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Ex-Societe Generale trader must pay $6.7 billion

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[October 05, 2010]  PARIS (AP) -- A Paris court ordered former Societe Generale SA trader Jerome Kerviel on Tuesday to pay the bank a mind-numbing euro4.9 billion ($6.7 billion) for his role in one of history's biggest trading frauds and sentenced him to three years in prison.

The ruling marked a huge victory for Societe Generale, one of France's most blue-blooded banks, which has worked to clean up its image and put in place tougher risk controls since the scandal broke in 2008.

The 33-year-old former futures index trader stood expressionless as the court convicted him of all charges and pronounced a five-year sentence with two years suspended.

Kerviel was found guilty on charges of forgery, breach of trust and unauthorized computer use for covering up bets worth nearly euro50 billion between late 2007 and early 2008.

In a stunning blow, the court also ordered Kerviel to pay the bank back the euro4.9 billion that it lost unwinding his complex positions in January 2008 -- a punishment he would almost certainly be unable to pay. While trading for the bank, he took home a salary and bonus of less than euro100,000, or about $155,700 -- a relatively modest sum in the financial world.

Outside the courtroom, defense lawyer Olivier Metzner said Kerviel would appeal. Kerviel will remain free pending the appeal.

"He is disgusted," Metzner said of Kerviel's feeling about the ruling, adding that the court had judged that the bank "was responsible for nothing, not responsible for the creature that it had created."

Kerviel, a soft-spoken and debonair man from western Brittany, has garnered considerable public appeal in France for his image of being a scapegoat for powerful corporate interests. Kerviel maintained that the bank and his bosses tolerated his massive risk-taking as long as it made money, which he did at first.

"I have the feeling Jerome Kerviel is paying for an entire system," said Metzner, saying his client hadn't benefited financially from the fraud.

"I hope you all will donate a euro to Jerome Kerviel," the lawyer told TV cameras and reporters.

During the proceedings, both sides admitted to mistakes but Kerviel insisted his bank superiors knew what he was doing. Societe Generale's former chairman acknowledged there were problems in monitoring the trader's work.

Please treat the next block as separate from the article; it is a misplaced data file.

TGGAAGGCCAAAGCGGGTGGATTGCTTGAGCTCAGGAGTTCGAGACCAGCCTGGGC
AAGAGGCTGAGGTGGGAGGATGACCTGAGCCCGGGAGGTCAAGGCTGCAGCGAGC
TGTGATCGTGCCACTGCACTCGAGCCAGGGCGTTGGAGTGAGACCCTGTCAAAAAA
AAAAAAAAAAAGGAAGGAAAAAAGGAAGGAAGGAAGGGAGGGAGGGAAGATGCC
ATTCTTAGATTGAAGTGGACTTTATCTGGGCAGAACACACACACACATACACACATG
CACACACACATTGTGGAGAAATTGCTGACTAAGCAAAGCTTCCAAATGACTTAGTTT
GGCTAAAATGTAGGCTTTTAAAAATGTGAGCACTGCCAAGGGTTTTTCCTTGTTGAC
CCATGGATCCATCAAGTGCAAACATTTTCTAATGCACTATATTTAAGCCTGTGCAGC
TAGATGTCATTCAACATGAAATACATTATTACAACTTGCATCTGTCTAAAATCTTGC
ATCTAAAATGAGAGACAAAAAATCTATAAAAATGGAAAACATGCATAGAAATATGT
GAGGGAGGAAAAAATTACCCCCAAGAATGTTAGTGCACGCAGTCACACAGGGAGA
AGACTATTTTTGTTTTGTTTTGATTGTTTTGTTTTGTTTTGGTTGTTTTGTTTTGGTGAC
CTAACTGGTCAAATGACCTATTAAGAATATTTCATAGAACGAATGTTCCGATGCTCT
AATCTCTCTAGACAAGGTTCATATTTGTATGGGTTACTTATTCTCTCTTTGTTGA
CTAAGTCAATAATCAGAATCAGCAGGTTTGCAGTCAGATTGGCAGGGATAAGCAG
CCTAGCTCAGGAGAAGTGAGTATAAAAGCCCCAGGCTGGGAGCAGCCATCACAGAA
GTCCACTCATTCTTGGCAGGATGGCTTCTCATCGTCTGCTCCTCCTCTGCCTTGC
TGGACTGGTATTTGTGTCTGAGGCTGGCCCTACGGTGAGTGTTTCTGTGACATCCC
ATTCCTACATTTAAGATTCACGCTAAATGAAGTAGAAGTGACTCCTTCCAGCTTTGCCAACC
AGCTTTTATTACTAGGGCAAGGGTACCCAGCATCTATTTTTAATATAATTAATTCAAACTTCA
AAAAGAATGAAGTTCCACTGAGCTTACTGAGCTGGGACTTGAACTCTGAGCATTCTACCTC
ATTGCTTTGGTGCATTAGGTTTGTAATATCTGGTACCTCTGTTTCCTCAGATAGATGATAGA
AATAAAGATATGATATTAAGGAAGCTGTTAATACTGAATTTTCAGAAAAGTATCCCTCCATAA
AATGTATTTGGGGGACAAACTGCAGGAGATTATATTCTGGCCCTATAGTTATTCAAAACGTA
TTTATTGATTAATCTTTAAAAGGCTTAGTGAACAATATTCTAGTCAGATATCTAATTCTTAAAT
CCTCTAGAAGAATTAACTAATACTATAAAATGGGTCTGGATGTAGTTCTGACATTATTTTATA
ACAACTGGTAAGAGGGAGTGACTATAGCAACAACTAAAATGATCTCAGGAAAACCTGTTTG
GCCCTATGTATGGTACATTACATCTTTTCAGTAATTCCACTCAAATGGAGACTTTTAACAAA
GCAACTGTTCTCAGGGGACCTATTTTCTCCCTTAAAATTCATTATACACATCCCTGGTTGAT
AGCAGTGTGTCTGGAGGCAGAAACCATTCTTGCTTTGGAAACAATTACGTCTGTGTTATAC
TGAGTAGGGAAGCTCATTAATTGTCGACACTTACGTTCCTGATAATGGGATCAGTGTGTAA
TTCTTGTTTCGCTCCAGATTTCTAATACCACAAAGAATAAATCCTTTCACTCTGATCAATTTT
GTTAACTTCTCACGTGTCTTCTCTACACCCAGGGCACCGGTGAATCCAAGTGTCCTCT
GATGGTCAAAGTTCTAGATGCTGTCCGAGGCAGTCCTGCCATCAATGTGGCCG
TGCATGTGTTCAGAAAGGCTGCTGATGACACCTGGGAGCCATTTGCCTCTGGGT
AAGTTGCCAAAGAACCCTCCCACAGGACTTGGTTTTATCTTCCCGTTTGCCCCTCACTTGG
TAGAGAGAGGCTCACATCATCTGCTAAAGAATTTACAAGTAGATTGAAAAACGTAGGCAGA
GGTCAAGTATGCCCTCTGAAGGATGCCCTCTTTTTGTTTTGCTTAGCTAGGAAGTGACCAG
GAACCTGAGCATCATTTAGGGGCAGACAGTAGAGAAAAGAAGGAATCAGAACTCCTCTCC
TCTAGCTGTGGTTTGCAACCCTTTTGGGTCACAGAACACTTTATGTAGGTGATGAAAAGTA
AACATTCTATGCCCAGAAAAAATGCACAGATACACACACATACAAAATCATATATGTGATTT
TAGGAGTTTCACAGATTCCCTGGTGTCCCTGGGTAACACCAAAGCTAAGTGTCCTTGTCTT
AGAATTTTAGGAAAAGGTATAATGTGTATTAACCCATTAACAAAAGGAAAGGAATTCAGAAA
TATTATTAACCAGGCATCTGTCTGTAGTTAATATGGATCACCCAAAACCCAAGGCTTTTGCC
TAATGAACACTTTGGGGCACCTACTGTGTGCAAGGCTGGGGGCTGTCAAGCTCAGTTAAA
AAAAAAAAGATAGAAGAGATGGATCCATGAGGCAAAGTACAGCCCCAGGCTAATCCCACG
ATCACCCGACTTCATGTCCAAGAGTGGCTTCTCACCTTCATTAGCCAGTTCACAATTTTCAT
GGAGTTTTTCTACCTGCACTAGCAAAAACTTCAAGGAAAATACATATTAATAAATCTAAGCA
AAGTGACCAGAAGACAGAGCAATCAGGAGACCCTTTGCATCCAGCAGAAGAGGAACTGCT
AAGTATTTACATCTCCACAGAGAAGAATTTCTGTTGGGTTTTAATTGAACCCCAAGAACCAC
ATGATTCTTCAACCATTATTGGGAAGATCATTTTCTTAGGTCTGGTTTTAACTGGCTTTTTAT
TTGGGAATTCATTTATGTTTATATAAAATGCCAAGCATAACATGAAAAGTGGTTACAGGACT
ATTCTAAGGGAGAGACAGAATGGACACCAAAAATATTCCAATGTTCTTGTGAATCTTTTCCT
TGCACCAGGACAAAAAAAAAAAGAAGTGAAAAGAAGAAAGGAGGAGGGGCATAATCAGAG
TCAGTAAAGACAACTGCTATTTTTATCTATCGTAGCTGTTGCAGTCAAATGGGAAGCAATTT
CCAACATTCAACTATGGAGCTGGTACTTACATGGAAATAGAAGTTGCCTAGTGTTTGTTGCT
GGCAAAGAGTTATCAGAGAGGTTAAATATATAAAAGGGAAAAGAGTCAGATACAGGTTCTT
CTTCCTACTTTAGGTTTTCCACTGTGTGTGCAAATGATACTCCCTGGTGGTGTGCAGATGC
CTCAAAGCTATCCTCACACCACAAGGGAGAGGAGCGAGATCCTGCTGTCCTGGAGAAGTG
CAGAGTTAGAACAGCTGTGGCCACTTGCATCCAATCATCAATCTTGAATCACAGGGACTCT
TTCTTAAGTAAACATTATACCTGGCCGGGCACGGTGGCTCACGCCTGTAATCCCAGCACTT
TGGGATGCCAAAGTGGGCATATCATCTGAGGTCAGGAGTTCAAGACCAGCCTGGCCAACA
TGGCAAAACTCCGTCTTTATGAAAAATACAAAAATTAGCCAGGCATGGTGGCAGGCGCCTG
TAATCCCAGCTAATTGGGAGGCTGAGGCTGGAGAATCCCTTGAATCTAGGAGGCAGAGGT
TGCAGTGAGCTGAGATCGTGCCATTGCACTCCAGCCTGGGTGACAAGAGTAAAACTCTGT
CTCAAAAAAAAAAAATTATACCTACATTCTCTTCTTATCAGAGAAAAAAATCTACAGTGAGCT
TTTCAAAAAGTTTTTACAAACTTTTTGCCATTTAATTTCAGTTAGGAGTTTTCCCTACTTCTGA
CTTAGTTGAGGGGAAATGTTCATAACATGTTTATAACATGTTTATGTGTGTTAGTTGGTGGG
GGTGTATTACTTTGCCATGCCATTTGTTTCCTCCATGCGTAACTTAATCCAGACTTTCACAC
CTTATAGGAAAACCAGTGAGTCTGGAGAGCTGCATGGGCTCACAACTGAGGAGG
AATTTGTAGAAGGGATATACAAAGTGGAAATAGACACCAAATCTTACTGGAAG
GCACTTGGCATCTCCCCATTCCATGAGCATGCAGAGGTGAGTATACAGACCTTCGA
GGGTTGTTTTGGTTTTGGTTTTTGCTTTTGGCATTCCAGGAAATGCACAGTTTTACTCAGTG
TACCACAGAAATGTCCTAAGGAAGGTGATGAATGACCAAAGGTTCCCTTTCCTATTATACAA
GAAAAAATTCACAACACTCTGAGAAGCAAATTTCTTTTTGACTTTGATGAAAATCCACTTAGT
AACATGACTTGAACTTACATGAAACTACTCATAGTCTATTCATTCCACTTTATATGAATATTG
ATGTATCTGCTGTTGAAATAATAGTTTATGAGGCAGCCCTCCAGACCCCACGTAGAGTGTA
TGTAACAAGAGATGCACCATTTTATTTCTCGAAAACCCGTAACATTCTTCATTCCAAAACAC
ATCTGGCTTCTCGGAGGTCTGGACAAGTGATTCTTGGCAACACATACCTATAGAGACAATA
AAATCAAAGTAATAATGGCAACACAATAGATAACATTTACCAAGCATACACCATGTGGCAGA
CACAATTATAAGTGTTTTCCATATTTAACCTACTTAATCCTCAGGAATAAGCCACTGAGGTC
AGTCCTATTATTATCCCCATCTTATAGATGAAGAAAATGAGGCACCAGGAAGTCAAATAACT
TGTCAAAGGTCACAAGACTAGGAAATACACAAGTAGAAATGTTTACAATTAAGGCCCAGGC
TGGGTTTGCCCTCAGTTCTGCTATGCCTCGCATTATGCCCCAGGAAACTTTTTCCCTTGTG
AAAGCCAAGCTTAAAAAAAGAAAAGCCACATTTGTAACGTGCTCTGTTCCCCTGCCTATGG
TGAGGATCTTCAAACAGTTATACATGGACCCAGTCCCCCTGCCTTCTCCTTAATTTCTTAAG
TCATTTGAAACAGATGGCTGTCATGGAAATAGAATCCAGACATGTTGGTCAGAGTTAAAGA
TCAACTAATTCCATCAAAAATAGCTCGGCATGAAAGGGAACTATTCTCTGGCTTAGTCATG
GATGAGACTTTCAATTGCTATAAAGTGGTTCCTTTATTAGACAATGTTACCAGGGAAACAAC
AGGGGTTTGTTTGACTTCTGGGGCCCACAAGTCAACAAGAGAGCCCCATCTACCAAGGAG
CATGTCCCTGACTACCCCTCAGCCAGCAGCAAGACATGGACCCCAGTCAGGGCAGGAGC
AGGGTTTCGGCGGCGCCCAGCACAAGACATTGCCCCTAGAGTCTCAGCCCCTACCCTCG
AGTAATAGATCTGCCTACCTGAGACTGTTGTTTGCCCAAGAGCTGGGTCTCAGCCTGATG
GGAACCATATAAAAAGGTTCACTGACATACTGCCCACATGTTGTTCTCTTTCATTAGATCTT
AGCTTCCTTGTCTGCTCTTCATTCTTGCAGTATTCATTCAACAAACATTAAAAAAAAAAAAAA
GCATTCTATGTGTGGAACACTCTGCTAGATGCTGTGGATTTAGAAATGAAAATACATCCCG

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The bank says Kerviel made bets of up to euro50 billion -- more than the bank's total market value -- on futures contracts on three European equity indices, though his net position appeared unremarkable because he balanced his real trades with fictitious transactions. The bank says his actions cost it euro4.9 billion.

Still, an internal report by the bank found managers failed to follow up on 74 different alarms about Kerviel's activities.

Employed by Societe Generale since 2000, Kerviel worked his way up from a supporting role in an office that monitors trades to a job on the futures desk where he invested the bank's money by hedging on European equity market indices.

He was arrested in January 2008 and held for six weeks in Paris' notorious La Sante prison. Since being fired from Societe Generale, Kerviel has worked as a computer consultant.

Societe Generale's shares rose slightly after the announce of the verdict, trading up 1 percent at euro41.20 ($56.46)

[Associated Press; By GREG KELLER]

Associated Press writers Pierre-Antoine Souchard and Cecile Brisson in Paris contributed to this report.

Copyright 2010 The Associated Press. All rights reserved. This material may not be published, broadcast, rewritten or redistributed.

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